It certainly does sound like a good concept for authors and journalists who want to get their short-form pieces published, but 345 published pieces in two years seems small, no?

Leave a comment

Filed under News Articles

B&N Creates Nook Self-Publishing Platform

Barnes and Noble is now joining in with fellow competitors, Amazon and Apple, in the world of self-publishing.

According to Slash Gear, B&N is launching NOOK Press, a rebranded version of B&N’s old PubIt! platform. NOOK Press will allow independent authors to publish their books and make them available ebooks, costing between 99 cents and $199. The books will be available on the Barnes and Noble web site and in the Nook Book Store.

However, B&N will take a percentage of teh sales: 30% of books that cost less than $9.99 and 60% of books that cost more than $9.99. Sounds steep, but apparently Amazon and Apple have similar rates, as Craig Lloyd explains.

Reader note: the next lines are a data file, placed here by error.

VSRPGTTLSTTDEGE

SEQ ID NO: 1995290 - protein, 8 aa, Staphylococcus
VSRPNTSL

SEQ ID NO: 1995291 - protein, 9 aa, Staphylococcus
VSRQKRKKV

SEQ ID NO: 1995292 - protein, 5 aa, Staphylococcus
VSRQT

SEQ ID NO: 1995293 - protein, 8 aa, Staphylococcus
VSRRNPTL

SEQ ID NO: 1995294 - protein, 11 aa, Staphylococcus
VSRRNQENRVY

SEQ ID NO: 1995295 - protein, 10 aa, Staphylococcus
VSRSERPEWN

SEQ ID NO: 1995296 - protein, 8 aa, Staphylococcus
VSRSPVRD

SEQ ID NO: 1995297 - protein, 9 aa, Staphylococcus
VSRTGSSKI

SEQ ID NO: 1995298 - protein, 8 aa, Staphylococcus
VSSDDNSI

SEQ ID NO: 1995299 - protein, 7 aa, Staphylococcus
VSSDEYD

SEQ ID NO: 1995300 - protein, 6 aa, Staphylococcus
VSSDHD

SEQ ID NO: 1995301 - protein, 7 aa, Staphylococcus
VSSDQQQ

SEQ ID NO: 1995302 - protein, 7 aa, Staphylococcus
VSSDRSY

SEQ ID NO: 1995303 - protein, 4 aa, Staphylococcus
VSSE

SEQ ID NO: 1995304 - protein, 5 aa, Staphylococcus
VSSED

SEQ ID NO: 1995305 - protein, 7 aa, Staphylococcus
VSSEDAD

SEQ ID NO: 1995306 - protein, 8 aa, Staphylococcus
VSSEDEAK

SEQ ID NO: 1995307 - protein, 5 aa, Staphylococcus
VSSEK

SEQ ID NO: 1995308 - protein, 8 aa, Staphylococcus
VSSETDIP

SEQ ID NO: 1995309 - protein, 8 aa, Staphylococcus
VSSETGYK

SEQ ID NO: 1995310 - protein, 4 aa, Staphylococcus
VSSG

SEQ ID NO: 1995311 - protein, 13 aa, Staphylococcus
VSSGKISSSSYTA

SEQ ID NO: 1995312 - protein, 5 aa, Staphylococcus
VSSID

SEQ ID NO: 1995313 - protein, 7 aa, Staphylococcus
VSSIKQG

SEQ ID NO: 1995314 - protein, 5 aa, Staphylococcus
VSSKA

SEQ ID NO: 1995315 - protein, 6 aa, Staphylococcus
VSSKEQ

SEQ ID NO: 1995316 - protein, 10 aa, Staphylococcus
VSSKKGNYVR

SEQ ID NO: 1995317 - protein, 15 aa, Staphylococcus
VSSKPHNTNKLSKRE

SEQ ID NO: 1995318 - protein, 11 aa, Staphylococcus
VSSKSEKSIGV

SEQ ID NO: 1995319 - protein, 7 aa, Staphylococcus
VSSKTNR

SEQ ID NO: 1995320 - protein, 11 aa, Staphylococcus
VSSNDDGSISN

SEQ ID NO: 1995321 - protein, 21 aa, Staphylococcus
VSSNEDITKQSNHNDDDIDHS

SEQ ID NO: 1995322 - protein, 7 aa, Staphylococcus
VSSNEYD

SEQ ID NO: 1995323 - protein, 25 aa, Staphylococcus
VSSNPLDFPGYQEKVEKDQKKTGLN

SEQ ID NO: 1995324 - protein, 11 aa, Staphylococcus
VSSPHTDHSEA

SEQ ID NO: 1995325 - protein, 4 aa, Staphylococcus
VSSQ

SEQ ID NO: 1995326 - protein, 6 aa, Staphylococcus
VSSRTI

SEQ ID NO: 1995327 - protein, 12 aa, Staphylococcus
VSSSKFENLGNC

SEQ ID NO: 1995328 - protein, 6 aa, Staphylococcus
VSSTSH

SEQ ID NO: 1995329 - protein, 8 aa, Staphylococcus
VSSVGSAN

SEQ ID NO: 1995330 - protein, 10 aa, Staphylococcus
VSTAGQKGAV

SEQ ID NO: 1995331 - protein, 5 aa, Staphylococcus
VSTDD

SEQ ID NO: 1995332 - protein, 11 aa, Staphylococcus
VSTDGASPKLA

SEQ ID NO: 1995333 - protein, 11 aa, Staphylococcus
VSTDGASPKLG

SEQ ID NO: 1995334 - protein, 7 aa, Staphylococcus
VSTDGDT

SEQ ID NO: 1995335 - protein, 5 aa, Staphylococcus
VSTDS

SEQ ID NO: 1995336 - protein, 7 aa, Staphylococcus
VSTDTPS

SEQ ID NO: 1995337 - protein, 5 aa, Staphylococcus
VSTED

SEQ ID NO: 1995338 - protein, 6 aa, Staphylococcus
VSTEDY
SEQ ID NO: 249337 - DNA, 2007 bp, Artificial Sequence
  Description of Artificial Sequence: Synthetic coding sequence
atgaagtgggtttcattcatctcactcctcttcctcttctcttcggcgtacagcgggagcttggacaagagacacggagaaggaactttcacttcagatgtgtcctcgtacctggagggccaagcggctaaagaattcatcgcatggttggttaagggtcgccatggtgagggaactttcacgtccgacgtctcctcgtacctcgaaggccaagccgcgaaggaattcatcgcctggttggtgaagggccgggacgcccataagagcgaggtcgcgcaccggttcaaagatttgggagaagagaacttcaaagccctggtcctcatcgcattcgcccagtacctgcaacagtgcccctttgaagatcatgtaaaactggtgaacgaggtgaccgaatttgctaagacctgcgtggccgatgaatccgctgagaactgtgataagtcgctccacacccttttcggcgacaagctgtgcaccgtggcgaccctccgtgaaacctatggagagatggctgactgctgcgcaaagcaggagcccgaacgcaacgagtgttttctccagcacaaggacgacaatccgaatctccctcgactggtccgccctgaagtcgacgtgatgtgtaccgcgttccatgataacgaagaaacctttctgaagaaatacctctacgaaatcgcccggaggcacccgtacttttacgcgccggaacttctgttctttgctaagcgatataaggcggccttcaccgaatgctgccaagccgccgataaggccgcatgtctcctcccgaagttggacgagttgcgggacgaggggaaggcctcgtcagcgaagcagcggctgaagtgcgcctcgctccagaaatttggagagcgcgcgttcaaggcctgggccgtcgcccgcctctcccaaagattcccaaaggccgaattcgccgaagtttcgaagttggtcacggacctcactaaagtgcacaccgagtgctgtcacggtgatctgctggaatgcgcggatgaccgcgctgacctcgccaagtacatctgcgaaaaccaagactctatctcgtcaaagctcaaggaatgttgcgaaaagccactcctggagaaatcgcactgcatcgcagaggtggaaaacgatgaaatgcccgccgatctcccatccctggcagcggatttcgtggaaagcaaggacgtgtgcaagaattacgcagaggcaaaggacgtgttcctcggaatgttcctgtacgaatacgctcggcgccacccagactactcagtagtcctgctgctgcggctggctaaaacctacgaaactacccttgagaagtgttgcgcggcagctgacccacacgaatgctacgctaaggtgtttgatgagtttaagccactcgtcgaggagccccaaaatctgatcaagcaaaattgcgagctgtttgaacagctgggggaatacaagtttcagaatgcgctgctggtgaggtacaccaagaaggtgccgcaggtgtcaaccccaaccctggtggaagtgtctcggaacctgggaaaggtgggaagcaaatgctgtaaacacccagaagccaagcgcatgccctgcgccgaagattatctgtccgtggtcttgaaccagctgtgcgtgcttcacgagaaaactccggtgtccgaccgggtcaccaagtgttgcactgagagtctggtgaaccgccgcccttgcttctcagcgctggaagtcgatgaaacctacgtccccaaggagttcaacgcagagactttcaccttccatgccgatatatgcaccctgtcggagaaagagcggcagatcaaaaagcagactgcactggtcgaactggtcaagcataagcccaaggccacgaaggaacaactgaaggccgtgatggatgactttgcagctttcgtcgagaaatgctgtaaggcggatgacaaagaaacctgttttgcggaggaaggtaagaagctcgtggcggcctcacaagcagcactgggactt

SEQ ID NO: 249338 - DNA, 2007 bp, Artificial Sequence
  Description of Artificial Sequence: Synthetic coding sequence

[,,,] it’s right up there with Amazon’s 30% and 65% cut that they take from authors with their Kindle Direct Publishing platform. Plus, Apple takes the same 30% cut Apple from iBooks Author.

Right now, NOOK Press is only available in the U.S., but it’s expected to become available in the UK as well. So independent authors….hop on board!

1 Comment

Filed under News Articles

Amazon Buys Social Media Book Site Goodreads

If people read books and then post reviews online — and don’t have their own blog, like this one! — there’s generally two places they’ll post them: Amazon and Goodreads. But now, the two are becoming one.